Real Investment Implications of Employee Stock Option Exercises

Real Investment Implications of Employee Stock Option Exercises This paper examines a real cost of awarding employee stock options. Based on the observation that managers are extremely concerned about earnings‐per‐share dilution in equity related compensation, we predict and find that firms experiencing significant employee stock option (ESO) exercises shift resources away from real investments towards the repurchase of their own stocks. We further find weak evidence of a decline in subsequent firm performance (as measured by return on assets) for several years following the cut in discretionary investments as a result of stock option exercises, though this result is sensitive to the metric used to measure performance. Collectively, our findings indicate that ESO exercises potentially impose a real cost on the firm in terms of foregone investment opportunities. http://www.deepdyve.com/assets/images/DeepDyve-Logo-lg.png Journal of Accounting Research Wiley

Real Investment Implications of Employee Stock Option Exercises

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Publisher
Wiley Subscription Services, Inc., A Wiley Company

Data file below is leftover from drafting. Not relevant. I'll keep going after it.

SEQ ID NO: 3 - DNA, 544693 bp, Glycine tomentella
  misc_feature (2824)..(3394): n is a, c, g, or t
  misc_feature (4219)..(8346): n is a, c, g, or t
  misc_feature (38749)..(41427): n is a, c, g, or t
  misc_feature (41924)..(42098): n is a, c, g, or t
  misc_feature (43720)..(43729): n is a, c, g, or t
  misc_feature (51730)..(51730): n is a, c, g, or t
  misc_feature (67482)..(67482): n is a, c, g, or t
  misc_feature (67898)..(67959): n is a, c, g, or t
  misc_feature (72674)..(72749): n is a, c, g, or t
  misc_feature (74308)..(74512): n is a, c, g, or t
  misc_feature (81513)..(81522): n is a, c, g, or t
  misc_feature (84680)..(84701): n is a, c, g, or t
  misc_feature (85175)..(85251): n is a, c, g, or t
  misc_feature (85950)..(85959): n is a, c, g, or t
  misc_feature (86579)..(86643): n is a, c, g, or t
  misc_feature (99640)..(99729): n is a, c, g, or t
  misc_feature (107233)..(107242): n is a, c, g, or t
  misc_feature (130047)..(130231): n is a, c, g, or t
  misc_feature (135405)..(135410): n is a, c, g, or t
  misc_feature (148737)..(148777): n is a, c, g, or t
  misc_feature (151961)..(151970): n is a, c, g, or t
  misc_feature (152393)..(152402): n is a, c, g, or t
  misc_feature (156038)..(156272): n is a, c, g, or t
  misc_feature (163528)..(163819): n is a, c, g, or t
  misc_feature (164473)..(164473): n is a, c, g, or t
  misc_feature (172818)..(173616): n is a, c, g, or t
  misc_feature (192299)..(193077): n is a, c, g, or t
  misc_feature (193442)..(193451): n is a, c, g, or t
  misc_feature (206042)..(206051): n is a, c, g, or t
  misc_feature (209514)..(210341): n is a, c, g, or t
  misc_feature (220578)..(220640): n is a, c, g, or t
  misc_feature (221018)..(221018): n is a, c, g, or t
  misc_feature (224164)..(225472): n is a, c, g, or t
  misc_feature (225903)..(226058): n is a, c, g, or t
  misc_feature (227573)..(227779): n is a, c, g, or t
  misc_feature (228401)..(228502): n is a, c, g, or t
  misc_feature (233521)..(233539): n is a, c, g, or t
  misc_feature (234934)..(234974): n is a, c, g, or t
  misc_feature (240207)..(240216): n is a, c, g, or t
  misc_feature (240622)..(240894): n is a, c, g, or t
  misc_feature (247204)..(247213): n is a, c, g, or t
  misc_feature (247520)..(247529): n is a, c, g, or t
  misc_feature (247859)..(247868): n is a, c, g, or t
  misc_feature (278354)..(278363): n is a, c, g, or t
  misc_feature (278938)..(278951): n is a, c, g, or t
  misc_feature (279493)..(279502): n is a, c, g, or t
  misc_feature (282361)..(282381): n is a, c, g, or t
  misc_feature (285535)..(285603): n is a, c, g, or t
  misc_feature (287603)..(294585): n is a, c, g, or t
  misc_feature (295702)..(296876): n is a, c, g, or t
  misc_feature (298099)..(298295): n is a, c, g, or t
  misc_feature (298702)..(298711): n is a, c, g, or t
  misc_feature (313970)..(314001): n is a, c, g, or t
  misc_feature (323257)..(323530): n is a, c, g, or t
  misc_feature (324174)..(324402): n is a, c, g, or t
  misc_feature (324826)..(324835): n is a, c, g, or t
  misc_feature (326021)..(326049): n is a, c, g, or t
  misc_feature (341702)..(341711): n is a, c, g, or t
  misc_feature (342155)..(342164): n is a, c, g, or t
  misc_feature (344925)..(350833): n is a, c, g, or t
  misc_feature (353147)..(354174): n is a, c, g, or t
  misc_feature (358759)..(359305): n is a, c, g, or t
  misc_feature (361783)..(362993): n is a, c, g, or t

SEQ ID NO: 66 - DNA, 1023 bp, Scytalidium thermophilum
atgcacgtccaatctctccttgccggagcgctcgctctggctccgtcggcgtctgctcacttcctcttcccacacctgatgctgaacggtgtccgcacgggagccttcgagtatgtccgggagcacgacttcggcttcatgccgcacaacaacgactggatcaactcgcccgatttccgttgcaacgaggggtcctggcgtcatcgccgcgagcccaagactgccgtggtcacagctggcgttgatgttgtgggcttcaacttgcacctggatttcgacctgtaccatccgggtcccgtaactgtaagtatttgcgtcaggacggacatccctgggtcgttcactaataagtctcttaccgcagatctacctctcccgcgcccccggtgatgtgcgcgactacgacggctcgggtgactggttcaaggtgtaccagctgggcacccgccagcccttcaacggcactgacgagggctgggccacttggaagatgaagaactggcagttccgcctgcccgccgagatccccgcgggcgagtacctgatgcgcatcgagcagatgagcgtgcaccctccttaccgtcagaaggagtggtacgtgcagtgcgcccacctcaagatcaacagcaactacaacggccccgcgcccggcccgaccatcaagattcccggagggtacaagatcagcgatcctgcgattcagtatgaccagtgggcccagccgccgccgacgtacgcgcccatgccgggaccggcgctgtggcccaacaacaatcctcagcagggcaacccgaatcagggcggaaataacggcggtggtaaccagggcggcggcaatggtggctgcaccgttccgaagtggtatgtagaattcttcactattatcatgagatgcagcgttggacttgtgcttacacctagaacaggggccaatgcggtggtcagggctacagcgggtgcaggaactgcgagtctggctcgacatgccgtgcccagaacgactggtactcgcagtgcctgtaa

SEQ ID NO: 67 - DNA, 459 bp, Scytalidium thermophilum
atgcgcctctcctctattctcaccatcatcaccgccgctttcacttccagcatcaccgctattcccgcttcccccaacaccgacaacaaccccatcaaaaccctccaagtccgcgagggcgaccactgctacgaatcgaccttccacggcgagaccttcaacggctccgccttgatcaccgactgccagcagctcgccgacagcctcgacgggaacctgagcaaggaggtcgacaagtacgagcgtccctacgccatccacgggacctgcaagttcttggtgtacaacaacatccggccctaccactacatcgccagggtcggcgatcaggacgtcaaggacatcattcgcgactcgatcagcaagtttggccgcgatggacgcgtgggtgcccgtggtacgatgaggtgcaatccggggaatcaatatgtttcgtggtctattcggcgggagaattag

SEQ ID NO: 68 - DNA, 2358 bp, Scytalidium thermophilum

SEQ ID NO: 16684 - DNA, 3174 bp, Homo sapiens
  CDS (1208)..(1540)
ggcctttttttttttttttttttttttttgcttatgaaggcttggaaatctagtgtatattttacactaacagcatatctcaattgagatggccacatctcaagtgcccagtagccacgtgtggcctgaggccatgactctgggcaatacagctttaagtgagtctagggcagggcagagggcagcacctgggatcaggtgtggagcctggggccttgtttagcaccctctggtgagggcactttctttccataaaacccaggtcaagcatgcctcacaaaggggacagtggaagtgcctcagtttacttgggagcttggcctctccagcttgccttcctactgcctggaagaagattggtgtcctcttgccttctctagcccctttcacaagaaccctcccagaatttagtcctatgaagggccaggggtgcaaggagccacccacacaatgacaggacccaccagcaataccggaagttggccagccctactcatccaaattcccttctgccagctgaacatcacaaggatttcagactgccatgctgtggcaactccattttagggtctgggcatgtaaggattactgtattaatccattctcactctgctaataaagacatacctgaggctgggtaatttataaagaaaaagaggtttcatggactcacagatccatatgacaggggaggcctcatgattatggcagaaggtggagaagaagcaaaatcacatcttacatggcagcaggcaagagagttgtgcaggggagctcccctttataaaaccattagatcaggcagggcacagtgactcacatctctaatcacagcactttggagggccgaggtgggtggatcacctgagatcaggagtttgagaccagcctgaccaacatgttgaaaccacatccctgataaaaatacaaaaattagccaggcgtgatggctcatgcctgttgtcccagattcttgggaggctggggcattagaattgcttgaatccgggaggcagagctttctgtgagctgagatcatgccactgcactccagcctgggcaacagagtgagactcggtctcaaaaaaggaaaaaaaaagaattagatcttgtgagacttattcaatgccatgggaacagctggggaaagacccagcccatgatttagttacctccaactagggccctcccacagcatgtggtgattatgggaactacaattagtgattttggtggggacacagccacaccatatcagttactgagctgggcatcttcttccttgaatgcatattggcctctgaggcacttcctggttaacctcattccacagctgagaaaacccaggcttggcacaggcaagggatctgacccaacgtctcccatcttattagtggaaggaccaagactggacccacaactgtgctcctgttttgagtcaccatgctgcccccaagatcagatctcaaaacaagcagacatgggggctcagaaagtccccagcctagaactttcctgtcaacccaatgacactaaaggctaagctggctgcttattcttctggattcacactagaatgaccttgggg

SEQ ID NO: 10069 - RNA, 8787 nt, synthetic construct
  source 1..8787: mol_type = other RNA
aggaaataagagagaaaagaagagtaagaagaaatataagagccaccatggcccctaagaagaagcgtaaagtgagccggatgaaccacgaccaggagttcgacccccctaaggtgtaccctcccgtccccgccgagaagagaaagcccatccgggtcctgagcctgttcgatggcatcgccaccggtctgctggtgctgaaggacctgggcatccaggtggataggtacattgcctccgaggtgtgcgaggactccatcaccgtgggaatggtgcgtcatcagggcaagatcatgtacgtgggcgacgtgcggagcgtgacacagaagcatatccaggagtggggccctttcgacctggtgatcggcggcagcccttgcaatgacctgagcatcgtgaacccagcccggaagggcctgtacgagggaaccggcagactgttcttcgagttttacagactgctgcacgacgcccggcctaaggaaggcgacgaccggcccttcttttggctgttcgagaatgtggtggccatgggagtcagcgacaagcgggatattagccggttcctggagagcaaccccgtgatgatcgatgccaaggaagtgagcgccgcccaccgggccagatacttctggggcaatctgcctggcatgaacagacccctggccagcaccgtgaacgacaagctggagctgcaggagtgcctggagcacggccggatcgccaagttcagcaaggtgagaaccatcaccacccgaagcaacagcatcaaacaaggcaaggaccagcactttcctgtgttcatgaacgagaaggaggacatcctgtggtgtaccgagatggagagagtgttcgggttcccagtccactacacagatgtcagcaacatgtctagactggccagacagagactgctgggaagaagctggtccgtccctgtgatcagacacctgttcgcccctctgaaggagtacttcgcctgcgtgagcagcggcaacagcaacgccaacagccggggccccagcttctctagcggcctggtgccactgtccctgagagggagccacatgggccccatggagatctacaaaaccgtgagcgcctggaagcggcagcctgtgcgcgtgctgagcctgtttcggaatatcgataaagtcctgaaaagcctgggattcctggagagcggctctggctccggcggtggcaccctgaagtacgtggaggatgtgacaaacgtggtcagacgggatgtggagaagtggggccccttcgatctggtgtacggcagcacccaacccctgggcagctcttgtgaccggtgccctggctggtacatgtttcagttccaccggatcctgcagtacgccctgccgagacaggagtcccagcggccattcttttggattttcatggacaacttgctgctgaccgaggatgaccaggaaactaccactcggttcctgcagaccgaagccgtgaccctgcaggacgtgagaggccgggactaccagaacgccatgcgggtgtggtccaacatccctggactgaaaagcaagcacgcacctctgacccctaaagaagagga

Copyright
University of Chicago on behalf of the Institute of Professional Accounting, 2002
ISSN
0021-8456
eISSN
1475-679X
D.O.I.
10.1111/1475-679X.00052
Publisher site
See Article on Publisher Site

Abstract

This paper examines a real cost of awarding employee stock options. Based on the observation that managers are extremely concerned about earnings‐per‐share dilution in equity related compensation, we predict and find that firms experiencing significant employee stock option (ESO) exercises shift resources away from real investments towards the repurchase of their own stocks. We further find weak evidence of a decline in subsequent firm performance (as measured by return on assets) for several years following the cut in discretionary investments as a result of stock option exercises, though this result is sensitive to the metric used to measure performance. Collectively, our findings indicate that ESO exercises potentially impose a real cost on the firm in terms of foregone investment opportunities.

Journal

Journal of Accounting ResearchWiley

Published: May 1, 2002

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